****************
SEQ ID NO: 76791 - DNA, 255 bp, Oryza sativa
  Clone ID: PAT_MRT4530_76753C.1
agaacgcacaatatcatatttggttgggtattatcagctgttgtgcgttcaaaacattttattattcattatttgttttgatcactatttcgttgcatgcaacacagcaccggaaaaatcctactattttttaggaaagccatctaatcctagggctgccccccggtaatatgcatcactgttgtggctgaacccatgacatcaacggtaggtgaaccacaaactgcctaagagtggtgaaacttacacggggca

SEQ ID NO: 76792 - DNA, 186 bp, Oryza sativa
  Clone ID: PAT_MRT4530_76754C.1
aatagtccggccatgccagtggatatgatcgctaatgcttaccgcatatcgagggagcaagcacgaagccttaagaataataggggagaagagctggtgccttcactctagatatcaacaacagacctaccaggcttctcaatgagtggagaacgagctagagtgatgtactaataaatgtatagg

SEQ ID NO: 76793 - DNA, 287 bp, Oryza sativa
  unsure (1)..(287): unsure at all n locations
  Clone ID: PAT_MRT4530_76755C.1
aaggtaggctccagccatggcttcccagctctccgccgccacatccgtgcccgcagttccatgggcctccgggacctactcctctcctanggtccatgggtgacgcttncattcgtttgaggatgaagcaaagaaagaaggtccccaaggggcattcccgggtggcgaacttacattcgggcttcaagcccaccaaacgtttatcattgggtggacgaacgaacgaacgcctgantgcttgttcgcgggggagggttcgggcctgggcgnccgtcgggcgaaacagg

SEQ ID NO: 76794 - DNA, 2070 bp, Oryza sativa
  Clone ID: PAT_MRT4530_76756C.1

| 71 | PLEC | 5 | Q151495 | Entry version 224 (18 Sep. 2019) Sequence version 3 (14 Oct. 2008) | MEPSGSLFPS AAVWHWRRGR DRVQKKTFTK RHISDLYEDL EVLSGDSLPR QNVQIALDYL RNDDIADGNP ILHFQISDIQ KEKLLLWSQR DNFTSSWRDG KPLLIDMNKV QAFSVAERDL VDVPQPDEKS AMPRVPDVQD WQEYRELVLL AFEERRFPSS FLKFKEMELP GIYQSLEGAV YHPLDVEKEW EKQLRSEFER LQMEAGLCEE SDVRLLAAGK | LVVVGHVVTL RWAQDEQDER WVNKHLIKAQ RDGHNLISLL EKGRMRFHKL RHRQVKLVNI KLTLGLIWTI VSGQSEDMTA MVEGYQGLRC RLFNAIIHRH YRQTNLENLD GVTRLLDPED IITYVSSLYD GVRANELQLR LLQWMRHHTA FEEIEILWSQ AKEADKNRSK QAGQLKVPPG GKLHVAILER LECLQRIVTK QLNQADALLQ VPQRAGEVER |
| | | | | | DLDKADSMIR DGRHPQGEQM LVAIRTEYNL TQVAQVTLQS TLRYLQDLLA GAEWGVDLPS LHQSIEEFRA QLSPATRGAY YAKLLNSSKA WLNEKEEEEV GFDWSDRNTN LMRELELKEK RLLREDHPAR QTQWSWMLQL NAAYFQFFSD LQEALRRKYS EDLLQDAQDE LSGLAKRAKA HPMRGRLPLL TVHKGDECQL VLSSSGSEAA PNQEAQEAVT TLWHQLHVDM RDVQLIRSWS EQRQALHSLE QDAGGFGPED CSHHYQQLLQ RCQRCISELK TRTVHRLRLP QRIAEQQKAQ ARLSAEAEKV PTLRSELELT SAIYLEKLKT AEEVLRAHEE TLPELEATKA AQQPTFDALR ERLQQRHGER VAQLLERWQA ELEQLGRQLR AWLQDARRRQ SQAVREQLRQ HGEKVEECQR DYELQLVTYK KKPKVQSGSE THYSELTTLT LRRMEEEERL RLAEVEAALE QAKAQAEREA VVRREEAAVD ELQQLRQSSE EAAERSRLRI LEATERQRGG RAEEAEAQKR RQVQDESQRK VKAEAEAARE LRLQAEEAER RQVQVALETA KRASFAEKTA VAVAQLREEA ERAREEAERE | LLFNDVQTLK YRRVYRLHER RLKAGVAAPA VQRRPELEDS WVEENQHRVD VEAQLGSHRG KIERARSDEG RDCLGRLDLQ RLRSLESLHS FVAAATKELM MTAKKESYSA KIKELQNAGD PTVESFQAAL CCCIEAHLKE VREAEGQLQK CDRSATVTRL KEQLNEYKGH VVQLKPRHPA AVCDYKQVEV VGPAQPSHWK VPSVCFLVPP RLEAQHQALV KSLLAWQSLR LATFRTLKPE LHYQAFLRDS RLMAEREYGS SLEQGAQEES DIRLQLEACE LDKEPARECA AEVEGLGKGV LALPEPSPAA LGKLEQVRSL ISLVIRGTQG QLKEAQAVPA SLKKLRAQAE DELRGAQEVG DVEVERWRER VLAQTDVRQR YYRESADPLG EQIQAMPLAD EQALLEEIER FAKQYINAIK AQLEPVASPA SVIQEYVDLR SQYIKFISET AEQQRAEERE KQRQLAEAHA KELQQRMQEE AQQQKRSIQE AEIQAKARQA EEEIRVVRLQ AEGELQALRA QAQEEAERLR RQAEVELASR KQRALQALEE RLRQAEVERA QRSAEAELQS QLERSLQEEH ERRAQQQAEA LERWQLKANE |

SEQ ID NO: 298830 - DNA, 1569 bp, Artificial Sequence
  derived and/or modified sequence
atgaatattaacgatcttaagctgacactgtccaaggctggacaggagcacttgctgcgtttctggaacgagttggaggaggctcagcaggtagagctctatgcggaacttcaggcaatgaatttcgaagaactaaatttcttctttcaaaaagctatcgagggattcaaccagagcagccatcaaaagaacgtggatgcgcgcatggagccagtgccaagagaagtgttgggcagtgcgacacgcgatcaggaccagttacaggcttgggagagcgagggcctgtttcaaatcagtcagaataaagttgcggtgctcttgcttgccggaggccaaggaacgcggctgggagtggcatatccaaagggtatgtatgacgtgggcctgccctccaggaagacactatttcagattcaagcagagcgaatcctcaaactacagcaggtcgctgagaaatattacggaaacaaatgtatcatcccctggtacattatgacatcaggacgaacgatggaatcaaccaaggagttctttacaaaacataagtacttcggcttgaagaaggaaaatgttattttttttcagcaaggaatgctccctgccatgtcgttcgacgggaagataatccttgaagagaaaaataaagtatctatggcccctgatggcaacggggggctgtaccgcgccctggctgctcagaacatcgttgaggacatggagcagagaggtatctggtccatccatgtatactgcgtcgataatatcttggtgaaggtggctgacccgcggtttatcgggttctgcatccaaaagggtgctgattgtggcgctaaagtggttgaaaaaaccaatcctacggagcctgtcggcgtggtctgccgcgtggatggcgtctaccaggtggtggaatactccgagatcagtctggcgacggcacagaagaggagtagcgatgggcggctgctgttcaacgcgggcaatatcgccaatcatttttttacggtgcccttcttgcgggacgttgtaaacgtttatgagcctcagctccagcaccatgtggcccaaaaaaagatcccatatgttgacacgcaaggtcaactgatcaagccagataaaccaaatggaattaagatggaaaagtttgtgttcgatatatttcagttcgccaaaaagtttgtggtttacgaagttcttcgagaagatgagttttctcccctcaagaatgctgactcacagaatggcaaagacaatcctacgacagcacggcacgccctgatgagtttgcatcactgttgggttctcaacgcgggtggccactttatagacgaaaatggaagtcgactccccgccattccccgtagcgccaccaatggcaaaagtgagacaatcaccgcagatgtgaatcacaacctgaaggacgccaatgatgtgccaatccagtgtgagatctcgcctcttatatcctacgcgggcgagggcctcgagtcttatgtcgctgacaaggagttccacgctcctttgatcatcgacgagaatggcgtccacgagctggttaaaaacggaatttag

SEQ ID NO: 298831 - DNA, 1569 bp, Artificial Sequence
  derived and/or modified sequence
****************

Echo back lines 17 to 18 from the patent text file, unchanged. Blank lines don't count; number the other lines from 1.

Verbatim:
atgaatattaacgatcttaagctgacactgtccaaggctggacaggagcacttgctgcgtttctggaacgagttggaggaggctcagcaggtagagctctatgcggaacttcaggcaatgaatttcgaagaactaaatttcttctttcaaaaagctatcgagggattcaaccagagcagccatcaaaagaacgtggatgcgcgcatggagccagtgccaagagaagtgttgggcagtgcgacacgcgatcaggaccagttacaggcttgggagagcgagggcctgtttcaaatcagtcagaataaagttgcggtgctcttgcttgccggaggccaaggaacgcggctgggagtggcatatccaaagggtatgtatgacgtgggcctgccctccaggaagacactatttcagattcaagcagagcgaatcctcaaactacagcaggtcgctgagaaatattacggaaacaaatgtatcatcccctggtacattatgacatcaggacgaacgatggaatcaaccaaggagttctttacaaaacataagtacttcggcttgaagaaggaaaatgttattttttttcagcaaggaatgctccctgccatgtcgttcgacgggaagataatccttgaagagaaaaataaagtatctatggcccctgatggcaacggggggctgtaccgcgccctggctgctcagaacatcgttgaggacatggagcagagaggtatctggtccatccatgtatactgcgtcgataatatcttggtgaaggtggctgacccgcggtttatcgggttctgcatccaaaagggtgctgattgtggcgctaaagtggttgaaaaaaccaatcctacggagcctgtcggcgtggtctgccgcgtggatggcgtctaccaggtggtggaatactccgagatcagtctggcgacggcacagaagaggagtagcgatgggcggctgctgttcaacgcgggcaatatcgccaatcatttttttacggtgcccttcttgcgggacgttgtaaacgtttatgagcctcagctccagcaccatgtggcccaaaaaaagatcccatatgttgacacgcaaggtcaactgatcaagccagataaaccaaatggaattaagatggaaaagtttgtgttcgatatatttcagttcgccaaaaagtttgtggtttacgaagttcttcgagaagatgagttttctcccctcaagaatgctgactcacagaatggcaaagacaatcctacgacagcacggcacgccctgatgagtttgcatcactgttgggttctcaacgcgggtggccactttatagacgaaaatggaagtcgactccccgccattccccgtagcgccaccaatggcaaaagtgagacaatcaccgcagatgtgaatcacaacctgaaggacgccaatgatgtgccaatccagtgtgagatctcgcctcttatatcctacgcgggcgagggcctcgagtcttatgtcgctgacaaggagttccacgctcctttgatcatcgacgagaatggcgtccacgagctggttaaaaacggaatttag

SEQ ID NO: 298831 - DNA, 1569 bp, Artificial Sequence